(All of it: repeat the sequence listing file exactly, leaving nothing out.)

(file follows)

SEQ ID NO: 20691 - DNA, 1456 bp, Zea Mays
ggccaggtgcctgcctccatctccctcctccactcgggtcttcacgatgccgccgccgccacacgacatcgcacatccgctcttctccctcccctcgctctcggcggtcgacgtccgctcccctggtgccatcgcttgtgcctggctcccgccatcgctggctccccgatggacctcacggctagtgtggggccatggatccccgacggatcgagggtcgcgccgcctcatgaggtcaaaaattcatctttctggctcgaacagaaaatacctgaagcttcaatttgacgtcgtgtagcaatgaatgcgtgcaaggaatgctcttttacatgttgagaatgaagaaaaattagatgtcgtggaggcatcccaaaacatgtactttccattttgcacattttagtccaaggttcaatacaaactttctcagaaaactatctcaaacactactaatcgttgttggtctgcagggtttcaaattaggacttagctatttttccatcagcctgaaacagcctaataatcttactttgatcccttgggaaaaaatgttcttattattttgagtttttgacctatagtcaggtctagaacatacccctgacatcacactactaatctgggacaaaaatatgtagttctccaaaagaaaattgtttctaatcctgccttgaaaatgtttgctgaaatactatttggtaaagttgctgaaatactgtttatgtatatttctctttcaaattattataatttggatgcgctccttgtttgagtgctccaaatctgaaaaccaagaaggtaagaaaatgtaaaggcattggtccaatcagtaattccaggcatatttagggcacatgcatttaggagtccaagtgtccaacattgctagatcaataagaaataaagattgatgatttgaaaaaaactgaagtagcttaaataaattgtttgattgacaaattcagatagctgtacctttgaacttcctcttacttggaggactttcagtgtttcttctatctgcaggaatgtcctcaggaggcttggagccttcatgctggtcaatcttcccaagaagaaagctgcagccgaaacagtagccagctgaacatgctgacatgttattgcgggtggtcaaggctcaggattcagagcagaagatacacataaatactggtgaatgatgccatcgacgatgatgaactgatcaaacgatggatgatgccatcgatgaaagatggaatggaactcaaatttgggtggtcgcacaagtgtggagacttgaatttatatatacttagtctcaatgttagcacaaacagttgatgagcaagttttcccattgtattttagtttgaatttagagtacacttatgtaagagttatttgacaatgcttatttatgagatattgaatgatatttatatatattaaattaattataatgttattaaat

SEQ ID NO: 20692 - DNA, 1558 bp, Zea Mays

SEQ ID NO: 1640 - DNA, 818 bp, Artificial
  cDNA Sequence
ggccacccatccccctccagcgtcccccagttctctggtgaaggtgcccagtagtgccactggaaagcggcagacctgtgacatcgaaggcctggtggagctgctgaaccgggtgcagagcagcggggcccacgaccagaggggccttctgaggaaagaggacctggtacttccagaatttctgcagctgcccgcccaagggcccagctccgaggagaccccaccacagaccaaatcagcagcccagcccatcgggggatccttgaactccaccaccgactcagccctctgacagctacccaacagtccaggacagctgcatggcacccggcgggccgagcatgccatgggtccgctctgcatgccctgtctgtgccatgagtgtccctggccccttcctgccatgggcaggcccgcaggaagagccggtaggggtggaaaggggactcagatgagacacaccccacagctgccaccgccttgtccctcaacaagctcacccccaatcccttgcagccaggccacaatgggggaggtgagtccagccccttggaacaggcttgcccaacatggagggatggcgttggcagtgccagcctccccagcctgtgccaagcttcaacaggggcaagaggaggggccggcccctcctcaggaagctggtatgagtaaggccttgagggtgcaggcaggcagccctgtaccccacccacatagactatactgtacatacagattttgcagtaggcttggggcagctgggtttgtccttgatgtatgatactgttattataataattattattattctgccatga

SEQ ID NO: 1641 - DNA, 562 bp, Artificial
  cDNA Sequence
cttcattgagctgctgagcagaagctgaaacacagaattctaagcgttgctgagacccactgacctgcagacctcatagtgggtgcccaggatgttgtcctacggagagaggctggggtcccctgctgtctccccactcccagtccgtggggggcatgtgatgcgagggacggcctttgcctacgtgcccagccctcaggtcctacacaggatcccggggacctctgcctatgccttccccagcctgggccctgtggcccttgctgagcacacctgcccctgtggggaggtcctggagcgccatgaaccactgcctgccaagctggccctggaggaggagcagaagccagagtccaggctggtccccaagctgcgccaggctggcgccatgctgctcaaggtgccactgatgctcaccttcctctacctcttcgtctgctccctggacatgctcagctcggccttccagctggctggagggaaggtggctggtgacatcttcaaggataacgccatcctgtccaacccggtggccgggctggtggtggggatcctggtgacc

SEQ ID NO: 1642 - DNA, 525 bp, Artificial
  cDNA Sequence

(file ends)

SEQ ID NO: 20691 - DNA, 1456 bp, Zea Mays
ggccaggtgcctgcctccatctccctcctccactcgggtcttcacgatgccgccgccgccacacgacatcgcacatccgctcttctccctcccctcgctctcggcggtcgacgtccgctcccctggtgccatcgcttgtgcctggctcccgccatcgctggctccccgatggacctcacggctagtgtggggccatggatccccgacggatcgagggtcgcgccgcctcatgaggtcaaaaattcatctttctggctcgaacagaaaatacctgaagcttcaatttgacgtcgtgtagcaatgaatgcgtgcaaggaatgctcttttacatgttgagaatgaagaaaaattagatgtcgtggaggcatcccaaaacatgtactttccattttgcacattttagtccaaggttcaatacaaactttctcagaaaactatctcaaacactactaatcgttgttggtctgcagggtttcaaattaggacttagctatttttccatcagcctgaaacagcctaataatcttactttgatcccttgggaaaaaatgttcttattattttgagtttttgacctatagtcaggtctagaacatacccctgacatcacactactaatctgggacaaaaatatgtagttctccaaaagaaaattgtttctaatcctgccttgaaaatgtttgctgaaatactatttggtaaagttgctgaaatactgtttatgtatatttctctttcaaattattataatttggatgcgctccttgtttgagtgctccaaatctgaaaaccaagaaggtaagaaaatgtaaaggcattggtccaatcagtaattccaggcatatttagggcacatgcatttaggagtccaagtgtccaacattgctagatcaataagaaataaagattgatgatttgaaaaaaactgaagtagcttaaataaattgtttgattgacaaattcagatagctgtacctttgaacttcctcttacttggaggactttcagtgtttcttctatctgcaggaatgtcctcaggaggcttggagccttcatgctggtcaatcttcccaagaagaaagctgcagccgaaacagtagccagctgaacatgctgacatgttattgcgggtggtcaaggctcaggattcagagcagaagatacacataaatactggtgaatgatgccatcgacgatgatgaactgatcaaacgatggatgatgccatcgatgaaagatggaatggaactcaaatttgggtggtcgcacaagtgtggagacttgaatttatatatacttagtctcaatgttagcacaaacagttgatgagcaagttttcccattgtattttagtttgaatttagagtacacttatgtaagagttatttgacaatgcttatttatgagatattgaatgatatttatatatattaaattaattataatgttattaaat

SEQ ID NO: 20692 - DNA, 1558 bp, Zea Mays

SEQ ID NO: 1640 - DNA, 818 bp, Artificial
  cDNA Sequence
ggccacccatccccctccagcgtcccccagttctctggtgaaggtgcccagtagtgccactggaaagcggcagacctgtgacatcgaaggcctggtggagctgctgaaccgggtgcagagcagcggggcccacgaccagaggggccttctgaggaaagaggacctggtacttccagaatttctgcagctgcccgcccaagggcccagctccgaggagaccccaccacagaccaaatcagcagcccagcccatcgggggatccttgaactccaccaccgactcagccctctgacagctacccaacagtccaggacagctgcatggcacccggcgggccgagcatgccatgggtccgctctgcatgccctgtctgtgccatgagtgtccctggccccttcctgccatgggcaggcccgcaggaagagccggtaggggtggaaaggggactcagatgagacacaccccacagctgccaccgccttgtccctcaacaagctcacccccaatcccttgcagccaggccacaatgggggaggtgagtccagccccttggaacaggcttgcccaacatggagggatggcgttggcagtgccagcctccccagcctgtgccaagcttcaacaggggcaagaggaggggccggcccctcctcaggaagctggtatgagtaaggccttgagggtgcaggcaggcagccctgtaccccacccacatagactatactgtacatacagattttgcagtaggcttggggcagctgggtttgtccttgatgtatgatactgttattataataattattattattctgccatga

SEQ ID NO: 1641 - DNA, 562 bp, Artificial
  cDNA Sequence
cttcattgagctgctgagcagaagctgaaacacagaattctaagcgttgctgagacccactgacctgcagacctcatagtgggtgcccaggatgttgtcctacggagagaggctggggtcccctgctgtctccccactcccagtccgtggggggcatgtgatgcgagggacggcctttgcctacgtgcccagccctcaggtcctacacaggatcccggggacctctgcctatgccttccccagcctgggccctgtggcccttgctgagcacacctgcccctgtggggaggtcctggagcgccatgaaccactgcctgccaagctggccctggaggaggagcagaagccagagtccaggctggtccccaagctgcgccaggctggcgccatgctgctcaaggtgccactgatgctcaccttcctctacctcttcgtctgctccctggacatgctcagctcggccttccagctggctggagggaaggtggctggtgacatcttcaaggataacgccatcctgtccaacccggtggccgggctggtggtggggatcctggtgacc

SEQ ID NO: 1642 - DNA, 525 bp, Artificial
  cDNA Sequence